Inspectors from the so-called troika – the International Monetary Fund, the European Union and the European Central Bank – are back in Portugal for their second visit this year.
The one-week-long mission to the bailed out country will focus on the government’s budget for next year and structural reforms.
Brussels is concerned the draft budget includes no additional austerity measures to replace those blocked by the Portugal’s Constitutional Court.
It also relies on what some see as an overly optimistic economic growth forecast – 1.5 percent for next year, compared with the OECD’s prediction of 1.3 percent.
The 2015 spending plan include a forecast budget deficit of 2.7 percent of GDP, above the 2.5 percent target the Lisbon government has agreed with its creditors.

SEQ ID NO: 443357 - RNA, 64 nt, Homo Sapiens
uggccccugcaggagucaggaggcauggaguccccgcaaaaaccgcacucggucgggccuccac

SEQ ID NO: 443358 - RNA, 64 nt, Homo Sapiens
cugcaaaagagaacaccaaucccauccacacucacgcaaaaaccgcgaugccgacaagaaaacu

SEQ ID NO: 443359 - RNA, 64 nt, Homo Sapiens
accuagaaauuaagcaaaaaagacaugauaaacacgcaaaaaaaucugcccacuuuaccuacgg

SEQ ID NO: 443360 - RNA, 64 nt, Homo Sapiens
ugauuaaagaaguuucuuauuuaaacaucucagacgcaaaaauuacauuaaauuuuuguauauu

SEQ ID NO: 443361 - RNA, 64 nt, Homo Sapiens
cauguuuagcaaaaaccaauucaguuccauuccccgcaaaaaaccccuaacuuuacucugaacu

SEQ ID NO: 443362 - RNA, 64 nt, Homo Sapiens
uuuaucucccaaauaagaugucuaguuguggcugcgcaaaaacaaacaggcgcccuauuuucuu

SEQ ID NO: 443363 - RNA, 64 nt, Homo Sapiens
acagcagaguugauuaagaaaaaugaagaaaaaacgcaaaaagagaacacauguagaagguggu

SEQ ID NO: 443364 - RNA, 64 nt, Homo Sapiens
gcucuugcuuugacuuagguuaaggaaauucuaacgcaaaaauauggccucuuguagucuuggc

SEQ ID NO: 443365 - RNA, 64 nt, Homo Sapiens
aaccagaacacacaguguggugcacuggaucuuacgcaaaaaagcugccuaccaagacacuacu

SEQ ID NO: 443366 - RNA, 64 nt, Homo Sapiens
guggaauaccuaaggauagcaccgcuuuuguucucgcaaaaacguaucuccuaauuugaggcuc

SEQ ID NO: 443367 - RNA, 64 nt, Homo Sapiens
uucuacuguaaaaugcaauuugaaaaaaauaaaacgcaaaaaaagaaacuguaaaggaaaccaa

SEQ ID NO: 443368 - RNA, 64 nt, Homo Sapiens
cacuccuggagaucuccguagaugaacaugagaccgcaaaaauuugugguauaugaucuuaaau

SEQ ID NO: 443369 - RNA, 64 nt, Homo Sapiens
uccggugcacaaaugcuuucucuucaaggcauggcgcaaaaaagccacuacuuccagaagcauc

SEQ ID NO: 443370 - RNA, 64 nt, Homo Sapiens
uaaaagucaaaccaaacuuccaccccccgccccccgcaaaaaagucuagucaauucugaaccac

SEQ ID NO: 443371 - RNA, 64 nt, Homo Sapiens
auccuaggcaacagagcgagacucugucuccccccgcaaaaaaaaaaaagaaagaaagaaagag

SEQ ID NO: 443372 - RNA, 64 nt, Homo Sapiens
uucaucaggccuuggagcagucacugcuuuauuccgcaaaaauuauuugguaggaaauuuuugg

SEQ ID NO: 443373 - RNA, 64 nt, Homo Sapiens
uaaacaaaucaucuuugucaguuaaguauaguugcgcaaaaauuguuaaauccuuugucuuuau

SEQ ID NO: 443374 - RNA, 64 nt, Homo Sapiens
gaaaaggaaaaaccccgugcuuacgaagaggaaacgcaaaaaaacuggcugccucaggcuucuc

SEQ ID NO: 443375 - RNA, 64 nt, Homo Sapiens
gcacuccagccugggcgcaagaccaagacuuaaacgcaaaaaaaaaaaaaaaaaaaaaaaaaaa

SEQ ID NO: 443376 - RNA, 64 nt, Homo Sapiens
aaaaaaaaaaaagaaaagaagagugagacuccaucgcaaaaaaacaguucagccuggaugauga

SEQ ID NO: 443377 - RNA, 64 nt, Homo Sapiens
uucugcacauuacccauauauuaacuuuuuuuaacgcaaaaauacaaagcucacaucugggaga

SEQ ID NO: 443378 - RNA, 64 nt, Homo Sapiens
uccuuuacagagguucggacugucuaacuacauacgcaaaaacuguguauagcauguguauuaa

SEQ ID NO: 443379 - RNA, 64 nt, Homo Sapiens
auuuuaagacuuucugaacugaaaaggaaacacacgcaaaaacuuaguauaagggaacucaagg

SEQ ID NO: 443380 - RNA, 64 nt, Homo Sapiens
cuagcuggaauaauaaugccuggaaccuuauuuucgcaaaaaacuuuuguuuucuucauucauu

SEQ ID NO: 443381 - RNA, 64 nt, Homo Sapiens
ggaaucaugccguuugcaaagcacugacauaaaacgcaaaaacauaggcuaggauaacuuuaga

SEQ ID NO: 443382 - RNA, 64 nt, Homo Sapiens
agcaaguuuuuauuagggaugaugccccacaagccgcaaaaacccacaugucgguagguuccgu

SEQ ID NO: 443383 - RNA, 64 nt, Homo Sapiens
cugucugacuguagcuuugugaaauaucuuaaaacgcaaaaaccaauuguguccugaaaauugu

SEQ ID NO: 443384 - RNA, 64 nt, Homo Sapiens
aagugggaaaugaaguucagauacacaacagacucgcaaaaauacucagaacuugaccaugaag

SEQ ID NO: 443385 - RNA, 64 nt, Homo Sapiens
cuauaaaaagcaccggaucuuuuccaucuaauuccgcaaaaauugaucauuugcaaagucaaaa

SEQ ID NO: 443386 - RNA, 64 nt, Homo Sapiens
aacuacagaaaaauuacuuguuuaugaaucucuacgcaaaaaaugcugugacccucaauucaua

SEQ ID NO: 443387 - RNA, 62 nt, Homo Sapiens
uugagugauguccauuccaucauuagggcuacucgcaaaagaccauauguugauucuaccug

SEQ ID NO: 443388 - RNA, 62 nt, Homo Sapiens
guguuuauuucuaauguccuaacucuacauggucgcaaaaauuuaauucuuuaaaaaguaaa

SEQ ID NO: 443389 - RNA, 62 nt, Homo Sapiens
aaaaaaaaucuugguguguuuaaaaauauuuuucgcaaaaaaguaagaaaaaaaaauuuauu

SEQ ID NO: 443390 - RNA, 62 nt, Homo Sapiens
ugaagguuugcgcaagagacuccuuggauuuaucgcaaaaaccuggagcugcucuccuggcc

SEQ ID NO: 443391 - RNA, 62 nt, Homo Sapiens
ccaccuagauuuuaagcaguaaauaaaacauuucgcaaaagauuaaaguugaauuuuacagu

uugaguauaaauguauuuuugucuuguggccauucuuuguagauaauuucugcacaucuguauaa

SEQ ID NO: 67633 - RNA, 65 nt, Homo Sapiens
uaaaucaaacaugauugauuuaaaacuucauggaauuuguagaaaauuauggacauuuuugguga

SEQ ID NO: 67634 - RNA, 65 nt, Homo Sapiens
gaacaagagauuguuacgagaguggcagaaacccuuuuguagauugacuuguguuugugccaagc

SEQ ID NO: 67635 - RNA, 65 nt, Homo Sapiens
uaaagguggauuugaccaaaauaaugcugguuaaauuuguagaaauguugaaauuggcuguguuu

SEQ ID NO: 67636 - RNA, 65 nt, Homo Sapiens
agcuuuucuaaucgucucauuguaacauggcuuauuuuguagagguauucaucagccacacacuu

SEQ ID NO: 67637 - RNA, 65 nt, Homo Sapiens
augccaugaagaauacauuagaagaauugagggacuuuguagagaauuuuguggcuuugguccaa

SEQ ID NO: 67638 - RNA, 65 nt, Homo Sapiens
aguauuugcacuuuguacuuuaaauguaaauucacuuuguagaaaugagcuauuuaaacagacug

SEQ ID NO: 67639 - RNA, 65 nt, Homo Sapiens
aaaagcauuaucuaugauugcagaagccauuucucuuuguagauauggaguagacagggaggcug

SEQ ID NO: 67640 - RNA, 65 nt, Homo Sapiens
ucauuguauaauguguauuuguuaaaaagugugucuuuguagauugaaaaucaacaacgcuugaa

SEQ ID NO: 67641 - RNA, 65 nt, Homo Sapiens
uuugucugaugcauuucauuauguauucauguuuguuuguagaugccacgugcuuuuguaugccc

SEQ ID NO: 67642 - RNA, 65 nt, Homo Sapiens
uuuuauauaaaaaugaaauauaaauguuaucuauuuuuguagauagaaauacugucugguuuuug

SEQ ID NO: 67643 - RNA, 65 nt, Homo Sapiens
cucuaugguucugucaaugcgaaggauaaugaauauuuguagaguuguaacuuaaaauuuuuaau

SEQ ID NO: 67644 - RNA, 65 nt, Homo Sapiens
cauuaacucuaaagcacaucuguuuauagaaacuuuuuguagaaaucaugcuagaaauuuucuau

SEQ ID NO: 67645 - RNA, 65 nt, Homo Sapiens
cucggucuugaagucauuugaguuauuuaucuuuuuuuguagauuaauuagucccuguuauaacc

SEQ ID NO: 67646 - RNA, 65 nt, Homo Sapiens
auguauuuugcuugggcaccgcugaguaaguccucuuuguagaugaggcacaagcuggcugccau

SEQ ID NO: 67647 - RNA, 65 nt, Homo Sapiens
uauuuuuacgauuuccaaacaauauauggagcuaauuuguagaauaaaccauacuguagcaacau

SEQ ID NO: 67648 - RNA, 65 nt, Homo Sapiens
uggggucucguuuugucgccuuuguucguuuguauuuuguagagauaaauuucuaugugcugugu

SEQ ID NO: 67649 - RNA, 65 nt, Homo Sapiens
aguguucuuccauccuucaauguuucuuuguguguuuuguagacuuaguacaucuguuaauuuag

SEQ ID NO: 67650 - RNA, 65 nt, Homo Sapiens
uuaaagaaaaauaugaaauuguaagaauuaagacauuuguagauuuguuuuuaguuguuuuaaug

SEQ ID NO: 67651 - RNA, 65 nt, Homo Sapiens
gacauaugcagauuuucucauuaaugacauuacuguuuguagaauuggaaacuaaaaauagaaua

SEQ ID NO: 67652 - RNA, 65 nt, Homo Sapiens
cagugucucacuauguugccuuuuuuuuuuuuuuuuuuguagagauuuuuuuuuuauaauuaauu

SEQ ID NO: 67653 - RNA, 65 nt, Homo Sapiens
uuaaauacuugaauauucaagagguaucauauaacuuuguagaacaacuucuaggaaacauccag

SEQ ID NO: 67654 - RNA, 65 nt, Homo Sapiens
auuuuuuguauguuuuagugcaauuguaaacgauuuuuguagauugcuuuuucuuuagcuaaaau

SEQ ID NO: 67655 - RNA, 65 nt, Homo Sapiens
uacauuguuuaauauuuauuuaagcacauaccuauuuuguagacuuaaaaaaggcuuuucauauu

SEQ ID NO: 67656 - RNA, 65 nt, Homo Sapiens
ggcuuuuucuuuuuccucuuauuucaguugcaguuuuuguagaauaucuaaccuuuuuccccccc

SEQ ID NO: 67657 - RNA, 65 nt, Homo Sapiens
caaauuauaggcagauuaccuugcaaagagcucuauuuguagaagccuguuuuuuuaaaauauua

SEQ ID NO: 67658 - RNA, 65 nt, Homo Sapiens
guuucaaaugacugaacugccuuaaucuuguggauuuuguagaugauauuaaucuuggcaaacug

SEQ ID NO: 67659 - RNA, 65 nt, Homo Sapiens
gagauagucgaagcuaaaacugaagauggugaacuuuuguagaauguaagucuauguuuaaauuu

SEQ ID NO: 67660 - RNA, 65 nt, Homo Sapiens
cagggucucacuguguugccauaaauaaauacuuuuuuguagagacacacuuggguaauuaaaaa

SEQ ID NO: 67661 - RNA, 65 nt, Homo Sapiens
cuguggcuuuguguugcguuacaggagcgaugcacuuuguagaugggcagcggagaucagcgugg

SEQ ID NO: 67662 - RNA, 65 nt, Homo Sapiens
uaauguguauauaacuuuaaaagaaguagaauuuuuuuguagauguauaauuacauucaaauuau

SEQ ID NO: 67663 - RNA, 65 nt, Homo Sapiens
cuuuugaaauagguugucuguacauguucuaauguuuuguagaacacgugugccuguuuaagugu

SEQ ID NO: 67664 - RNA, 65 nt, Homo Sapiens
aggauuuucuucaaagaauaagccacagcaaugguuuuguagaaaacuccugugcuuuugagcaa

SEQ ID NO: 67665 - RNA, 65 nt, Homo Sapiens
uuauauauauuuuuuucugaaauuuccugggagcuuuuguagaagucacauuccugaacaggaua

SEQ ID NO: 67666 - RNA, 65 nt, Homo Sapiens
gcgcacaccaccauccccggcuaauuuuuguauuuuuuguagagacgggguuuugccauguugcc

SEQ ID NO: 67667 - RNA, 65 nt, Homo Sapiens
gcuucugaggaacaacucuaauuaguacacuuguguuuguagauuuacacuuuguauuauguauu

Troika officials are also checking Portugal’s fragile financial sector, three months after the rescue of Banco Espirito Santo and as Banco Comercial Portugues failed ECB stress tests.
Another topic of discussion will be Lisbon’s desire to follow the example of Ireland, with an earlier than planned payback of its bailout loans from the International Monetary Fund to reduce the amount of interest it has to pay on that debt.
Portugal received an international bailout of 78 billion euros in 2011 to avoid bankruptcy.